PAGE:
4. Casablanca Oasis: Here's one from the "Be My Guest" book (reviewed in this issue) that I just added to my classy cocktail list, partly because Rick's American Café is one of my favorite places on the planet, cinematically speaking. Anyway, the recipe: 1 oz. Stoli Oranj (or any good orange vodka, but Stoli remains the smoothest, especially if you still indulge in shots; personally I left that habit back at the Idiot); 2 oz. Captain Morgan's rum, 1 oz. Amaretto (homemade is good); splash lemon juice; splash fresh lime juice; splash of bitters. Combine, shake, strain into a champagne glass. Top with decent champagne, garnish with a long, curly lemon twist. Oui, oui. Who needs Paris?
5. Singapore Sling: Gin was my first liquor. My Neshoba County mama, God rest her beautiful soul, had a European attitude toward young people and alcohol. She believed that if we were going to drink, we should be able to drink at home and in moderation, and not be out sneaking around and driving and having wrecks (and, of course, the drinking ages were more reasonable then as well; don't get me started about folks who can be killed in Iraq, but can't order a damn bourbon). So when I was about 18 or 19, Mama and one of her girlfriends introduced me to gin-and-tonics and, most pleasingly, Singapore Slings. I remember the juicy Slings that my friends and I ordered at some little joint in Fort Walton Beach that we snuck into as the waitress rolled her eyes at us. Well, Slings are cool with the trendy crowd again these days. And, boy, are they a lovely shade of crimson. Recipe: 1 shot Tanqueray gin; 1/3 shot cherry brandy; 1/2 splash grenadine, fill with equal parts lemon juice and orange juice. Garnish with an orange slice, a cherry and one of those little umbrellas (required; lay in a stock) in a Collins glass.
6. Caipirinha: This is my favorite cocktail, bar none, pronounced "Ky-peer-een-yah." I had my first in graduate school; it was made by one of my classmates in my wee little Upper West Side kitchen on Y2K. Yep, that day. It seems like she was in there forever slicing and squeezing limes for what she described in her lovely accent as a "kind of Brazilian margarita." I quickly saw why all the effort. The key is the Brazilian elixir, Cachaca, which doesn't taste like tequila. The other two ingredients are sugar and a whole boatload of fresh-squeezed lime juice and the meat and peels of the limes all dumped in there to ferment. This drink is pure nectar of the gods when done right. Recipe per drink: 4 oz. Cachaca, 2 T sugar, tons of lime wedges and time to mash and squeeze them. The "Be My Guest" book gives a Cherry Blossom version with fresh mashed (muddled, they call it) cherries mixed it. Sounds appropriately colorful and yummy, but I don't know if I can cheat on the original. We'll see. (Café Brasil in Faubourg Marigny in New Orleans also does a mean one.)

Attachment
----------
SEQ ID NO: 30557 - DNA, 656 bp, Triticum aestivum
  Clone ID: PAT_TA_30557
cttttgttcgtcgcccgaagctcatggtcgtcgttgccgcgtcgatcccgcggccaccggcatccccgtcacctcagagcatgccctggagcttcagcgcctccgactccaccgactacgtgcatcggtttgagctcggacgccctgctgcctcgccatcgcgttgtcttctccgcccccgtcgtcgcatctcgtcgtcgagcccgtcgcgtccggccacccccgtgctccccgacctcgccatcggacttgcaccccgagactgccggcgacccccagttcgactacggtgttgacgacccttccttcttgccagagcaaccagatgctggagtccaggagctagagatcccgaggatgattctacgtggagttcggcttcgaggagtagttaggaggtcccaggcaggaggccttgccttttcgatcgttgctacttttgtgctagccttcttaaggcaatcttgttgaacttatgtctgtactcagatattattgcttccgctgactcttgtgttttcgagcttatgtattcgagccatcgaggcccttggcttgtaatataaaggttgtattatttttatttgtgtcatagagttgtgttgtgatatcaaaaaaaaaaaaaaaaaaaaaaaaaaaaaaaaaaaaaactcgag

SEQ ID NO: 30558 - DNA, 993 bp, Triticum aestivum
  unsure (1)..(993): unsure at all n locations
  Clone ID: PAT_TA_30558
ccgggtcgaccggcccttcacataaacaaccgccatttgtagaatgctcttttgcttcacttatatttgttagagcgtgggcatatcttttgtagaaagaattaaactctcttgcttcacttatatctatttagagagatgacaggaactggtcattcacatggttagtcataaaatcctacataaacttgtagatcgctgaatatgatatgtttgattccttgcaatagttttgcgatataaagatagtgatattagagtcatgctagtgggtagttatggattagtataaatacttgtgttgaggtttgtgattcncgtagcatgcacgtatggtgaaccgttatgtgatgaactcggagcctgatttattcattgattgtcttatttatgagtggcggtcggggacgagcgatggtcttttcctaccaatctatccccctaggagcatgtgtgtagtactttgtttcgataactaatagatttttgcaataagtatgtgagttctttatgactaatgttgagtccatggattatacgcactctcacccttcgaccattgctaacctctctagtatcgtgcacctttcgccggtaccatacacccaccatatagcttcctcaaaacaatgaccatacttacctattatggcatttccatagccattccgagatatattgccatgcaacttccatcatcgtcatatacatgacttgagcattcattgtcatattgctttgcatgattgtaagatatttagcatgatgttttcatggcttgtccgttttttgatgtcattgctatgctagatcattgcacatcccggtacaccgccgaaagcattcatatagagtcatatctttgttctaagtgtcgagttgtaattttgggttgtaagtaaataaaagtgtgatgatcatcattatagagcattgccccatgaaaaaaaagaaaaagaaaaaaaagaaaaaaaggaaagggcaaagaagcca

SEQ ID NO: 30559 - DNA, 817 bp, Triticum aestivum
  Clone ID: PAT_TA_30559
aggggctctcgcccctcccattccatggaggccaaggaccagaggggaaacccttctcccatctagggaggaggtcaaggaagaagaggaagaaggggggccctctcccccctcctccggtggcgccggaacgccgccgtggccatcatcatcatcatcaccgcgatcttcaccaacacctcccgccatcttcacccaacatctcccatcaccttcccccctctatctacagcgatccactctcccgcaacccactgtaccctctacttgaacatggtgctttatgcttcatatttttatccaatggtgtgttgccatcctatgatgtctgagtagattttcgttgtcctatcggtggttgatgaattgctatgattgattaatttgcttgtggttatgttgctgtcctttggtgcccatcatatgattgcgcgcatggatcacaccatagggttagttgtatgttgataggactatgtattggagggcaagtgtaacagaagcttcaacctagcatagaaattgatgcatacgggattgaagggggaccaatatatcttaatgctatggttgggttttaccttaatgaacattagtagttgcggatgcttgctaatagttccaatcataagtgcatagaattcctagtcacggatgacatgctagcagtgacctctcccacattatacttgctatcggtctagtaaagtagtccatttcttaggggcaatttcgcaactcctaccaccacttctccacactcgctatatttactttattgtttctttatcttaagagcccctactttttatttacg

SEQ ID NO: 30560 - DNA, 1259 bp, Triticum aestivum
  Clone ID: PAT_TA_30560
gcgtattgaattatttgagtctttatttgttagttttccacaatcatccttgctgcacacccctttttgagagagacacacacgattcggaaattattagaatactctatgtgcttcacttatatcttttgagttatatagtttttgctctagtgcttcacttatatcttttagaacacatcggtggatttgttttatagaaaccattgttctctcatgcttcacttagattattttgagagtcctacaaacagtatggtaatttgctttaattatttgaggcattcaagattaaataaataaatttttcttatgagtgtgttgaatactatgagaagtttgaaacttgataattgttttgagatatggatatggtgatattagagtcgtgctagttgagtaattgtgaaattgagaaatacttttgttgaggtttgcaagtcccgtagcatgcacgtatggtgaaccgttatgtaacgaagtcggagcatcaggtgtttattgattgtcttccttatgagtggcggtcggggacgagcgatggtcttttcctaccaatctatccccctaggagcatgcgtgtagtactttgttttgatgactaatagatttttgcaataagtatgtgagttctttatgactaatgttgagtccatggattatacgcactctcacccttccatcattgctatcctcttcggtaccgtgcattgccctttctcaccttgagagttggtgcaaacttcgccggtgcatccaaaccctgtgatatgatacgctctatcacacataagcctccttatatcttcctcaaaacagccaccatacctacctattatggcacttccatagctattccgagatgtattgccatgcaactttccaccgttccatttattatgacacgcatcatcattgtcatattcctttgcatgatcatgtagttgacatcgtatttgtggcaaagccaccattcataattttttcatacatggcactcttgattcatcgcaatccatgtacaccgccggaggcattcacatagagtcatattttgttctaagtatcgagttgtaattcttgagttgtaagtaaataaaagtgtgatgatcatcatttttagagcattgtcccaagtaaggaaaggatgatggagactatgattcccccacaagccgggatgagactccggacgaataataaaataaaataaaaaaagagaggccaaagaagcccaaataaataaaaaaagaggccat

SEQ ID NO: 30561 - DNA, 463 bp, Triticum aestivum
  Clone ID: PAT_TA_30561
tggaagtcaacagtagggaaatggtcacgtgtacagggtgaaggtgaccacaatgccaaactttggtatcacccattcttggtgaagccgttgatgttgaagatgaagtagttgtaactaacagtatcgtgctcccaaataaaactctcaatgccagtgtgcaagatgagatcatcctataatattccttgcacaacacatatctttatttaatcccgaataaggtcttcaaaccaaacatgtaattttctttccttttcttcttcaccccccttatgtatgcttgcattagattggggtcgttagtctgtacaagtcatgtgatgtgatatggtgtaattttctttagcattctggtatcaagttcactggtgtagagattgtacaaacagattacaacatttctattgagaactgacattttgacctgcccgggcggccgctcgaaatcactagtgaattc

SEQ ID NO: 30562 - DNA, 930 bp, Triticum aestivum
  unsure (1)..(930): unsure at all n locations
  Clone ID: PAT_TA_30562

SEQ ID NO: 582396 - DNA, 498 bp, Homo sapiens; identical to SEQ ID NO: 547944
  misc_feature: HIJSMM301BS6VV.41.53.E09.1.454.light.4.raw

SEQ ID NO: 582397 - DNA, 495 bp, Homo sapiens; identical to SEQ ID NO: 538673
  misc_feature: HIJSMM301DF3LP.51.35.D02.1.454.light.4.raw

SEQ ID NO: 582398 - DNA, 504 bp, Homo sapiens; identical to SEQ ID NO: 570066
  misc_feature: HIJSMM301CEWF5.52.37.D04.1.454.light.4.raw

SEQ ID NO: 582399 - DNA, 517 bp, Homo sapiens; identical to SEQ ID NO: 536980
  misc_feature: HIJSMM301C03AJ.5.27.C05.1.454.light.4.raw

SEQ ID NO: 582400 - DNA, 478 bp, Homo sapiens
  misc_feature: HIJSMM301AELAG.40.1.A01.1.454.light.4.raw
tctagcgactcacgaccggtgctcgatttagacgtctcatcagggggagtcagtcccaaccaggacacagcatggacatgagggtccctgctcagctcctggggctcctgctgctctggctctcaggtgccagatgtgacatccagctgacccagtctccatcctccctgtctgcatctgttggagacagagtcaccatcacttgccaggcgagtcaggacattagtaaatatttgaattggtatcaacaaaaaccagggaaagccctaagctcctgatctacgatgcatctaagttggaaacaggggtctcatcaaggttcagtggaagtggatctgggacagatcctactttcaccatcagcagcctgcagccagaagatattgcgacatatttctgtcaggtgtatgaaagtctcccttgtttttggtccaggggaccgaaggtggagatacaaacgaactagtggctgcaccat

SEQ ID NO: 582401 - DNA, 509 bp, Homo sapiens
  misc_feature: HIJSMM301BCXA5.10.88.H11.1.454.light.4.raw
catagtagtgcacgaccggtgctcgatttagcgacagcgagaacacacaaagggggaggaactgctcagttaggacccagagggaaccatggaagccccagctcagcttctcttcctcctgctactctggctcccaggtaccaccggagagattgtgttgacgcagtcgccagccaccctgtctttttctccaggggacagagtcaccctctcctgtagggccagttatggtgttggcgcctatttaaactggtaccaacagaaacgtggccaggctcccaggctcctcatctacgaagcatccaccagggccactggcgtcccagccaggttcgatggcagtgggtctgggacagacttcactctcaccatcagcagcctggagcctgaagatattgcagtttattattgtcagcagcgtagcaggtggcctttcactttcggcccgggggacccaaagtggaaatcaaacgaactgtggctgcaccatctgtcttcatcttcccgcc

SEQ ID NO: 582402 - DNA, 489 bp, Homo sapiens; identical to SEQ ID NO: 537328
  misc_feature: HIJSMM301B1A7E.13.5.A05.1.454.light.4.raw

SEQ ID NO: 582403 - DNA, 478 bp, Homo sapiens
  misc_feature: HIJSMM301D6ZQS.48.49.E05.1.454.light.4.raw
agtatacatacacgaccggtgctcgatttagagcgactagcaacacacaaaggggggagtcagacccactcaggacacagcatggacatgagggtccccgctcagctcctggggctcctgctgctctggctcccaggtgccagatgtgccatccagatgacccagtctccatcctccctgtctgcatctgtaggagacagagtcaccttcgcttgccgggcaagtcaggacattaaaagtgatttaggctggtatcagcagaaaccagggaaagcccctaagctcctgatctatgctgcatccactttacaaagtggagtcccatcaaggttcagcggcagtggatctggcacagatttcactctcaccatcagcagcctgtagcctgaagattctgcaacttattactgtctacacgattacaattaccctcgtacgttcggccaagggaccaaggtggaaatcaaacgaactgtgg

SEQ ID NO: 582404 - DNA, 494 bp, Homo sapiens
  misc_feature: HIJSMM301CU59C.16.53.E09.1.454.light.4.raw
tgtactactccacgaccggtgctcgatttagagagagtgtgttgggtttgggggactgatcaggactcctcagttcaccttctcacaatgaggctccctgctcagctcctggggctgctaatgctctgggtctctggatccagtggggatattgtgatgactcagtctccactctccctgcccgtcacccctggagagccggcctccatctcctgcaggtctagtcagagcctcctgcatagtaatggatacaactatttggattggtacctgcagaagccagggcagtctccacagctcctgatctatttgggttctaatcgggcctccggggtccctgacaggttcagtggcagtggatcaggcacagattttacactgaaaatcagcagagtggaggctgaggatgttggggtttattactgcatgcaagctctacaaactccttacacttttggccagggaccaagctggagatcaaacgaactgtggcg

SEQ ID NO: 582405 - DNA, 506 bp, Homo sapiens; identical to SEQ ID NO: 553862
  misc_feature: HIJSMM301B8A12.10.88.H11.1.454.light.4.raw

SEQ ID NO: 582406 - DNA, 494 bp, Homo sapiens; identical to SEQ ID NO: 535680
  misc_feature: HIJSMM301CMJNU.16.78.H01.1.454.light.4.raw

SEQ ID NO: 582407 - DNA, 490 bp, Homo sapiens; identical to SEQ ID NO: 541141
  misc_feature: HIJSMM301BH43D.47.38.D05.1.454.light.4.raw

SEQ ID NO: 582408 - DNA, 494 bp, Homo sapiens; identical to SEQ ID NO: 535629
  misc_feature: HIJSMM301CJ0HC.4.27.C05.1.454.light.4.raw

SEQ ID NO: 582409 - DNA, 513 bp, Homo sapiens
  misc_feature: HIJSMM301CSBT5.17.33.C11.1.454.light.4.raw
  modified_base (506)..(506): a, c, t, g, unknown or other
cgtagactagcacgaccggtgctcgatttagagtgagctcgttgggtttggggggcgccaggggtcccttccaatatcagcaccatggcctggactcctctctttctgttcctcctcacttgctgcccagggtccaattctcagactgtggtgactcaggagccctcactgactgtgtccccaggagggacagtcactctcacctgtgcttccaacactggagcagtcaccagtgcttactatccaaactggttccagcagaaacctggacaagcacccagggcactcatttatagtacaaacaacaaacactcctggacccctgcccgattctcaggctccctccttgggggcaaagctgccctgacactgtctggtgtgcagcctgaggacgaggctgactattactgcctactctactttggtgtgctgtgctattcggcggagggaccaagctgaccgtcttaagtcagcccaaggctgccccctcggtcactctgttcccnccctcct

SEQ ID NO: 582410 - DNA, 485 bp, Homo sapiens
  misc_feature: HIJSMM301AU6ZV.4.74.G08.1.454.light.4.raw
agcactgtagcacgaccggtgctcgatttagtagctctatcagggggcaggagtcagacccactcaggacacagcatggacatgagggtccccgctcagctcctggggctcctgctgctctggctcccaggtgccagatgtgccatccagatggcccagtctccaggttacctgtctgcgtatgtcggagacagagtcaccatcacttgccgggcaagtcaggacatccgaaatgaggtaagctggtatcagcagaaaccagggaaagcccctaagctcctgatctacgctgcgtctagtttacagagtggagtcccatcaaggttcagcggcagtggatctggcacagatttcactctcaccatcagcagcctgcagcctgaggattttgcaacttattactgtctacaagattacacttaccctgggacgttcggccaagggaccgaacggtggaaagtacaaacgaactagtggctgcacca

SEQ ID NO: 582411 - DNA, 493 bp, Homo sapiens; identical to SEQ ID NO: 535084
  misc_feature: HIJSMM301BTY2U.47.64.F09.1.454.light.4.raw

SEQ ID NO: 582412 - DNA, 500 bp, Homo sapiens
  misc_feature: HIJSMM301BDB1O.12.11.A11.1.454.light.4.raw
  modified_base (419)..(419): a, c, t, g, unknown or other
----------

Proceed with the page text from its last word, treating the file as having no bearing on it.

7. Watermelon Martini: I'll leave you with another one from "Be My Guest," because it seems so fitting for my homeland. The recipe is easy: Get yourself 3 ounces of good vodka; muddle up a little pile of fresh watermelon, throw in a little sugar. Then shake it over ice and serve in a chilled martini glass. (The book pictures this one served in a baby bottle. Hmm.) Garnish with fresh watermelon.
8. Blue Hawaiian: OK, one more, mainly because I want to leave you on a blue note. We had a lot of fun with Blue Curacao back on those Idiot(ic) Sunday afternoons. I like to do my Blue Hawaiian with coconut rum just to make sure the islands are fully represented. Recipe: 1 shot coconut rum; 2/3 of a shot of Blue Curacao; 3 splashes pineapple juice, 2 good squeezes of fresh lemon juice. Shake over ice and serve in a hurricane glass with umbrellas and fruit falling out all over the place, or strain into a chilled martini glass, perhaps with a lightly sugared rim.
There are other cocktails to adore, but this list will get you through New Year's night. Just remember: Don't be an idiot when you drink, or drink like an idiot. On that note, do what I say, not what I did. And never, ever drink and drive. Life's too short to be cut short.
Find all sorts of drinking and bartending advice online:
• Great bar advice (Deciding What Cocktails to Serve, Glassware, Party Equipment, and Toasts) as well as links like eGreeting Card, What to Bring, a Ready-to-Drink Cocktail Fact Sheet, Party Cooking, Bartending Guide, Home Bar, and Related Topics.
• Glassware Guide
• A Guide to Bar Gadgets
• The Right Glass Makes the Cocktail
• Bar Measurement Table
• Blood Alcohol Chart
• Blood Alcohol Chart—Be Safe, Not Sorry
• Hangover Helpers
My new favorite drink? The Chocolate Monkey... A fauxtini with chocolate and banana liquers! Extra vanilla vodka please!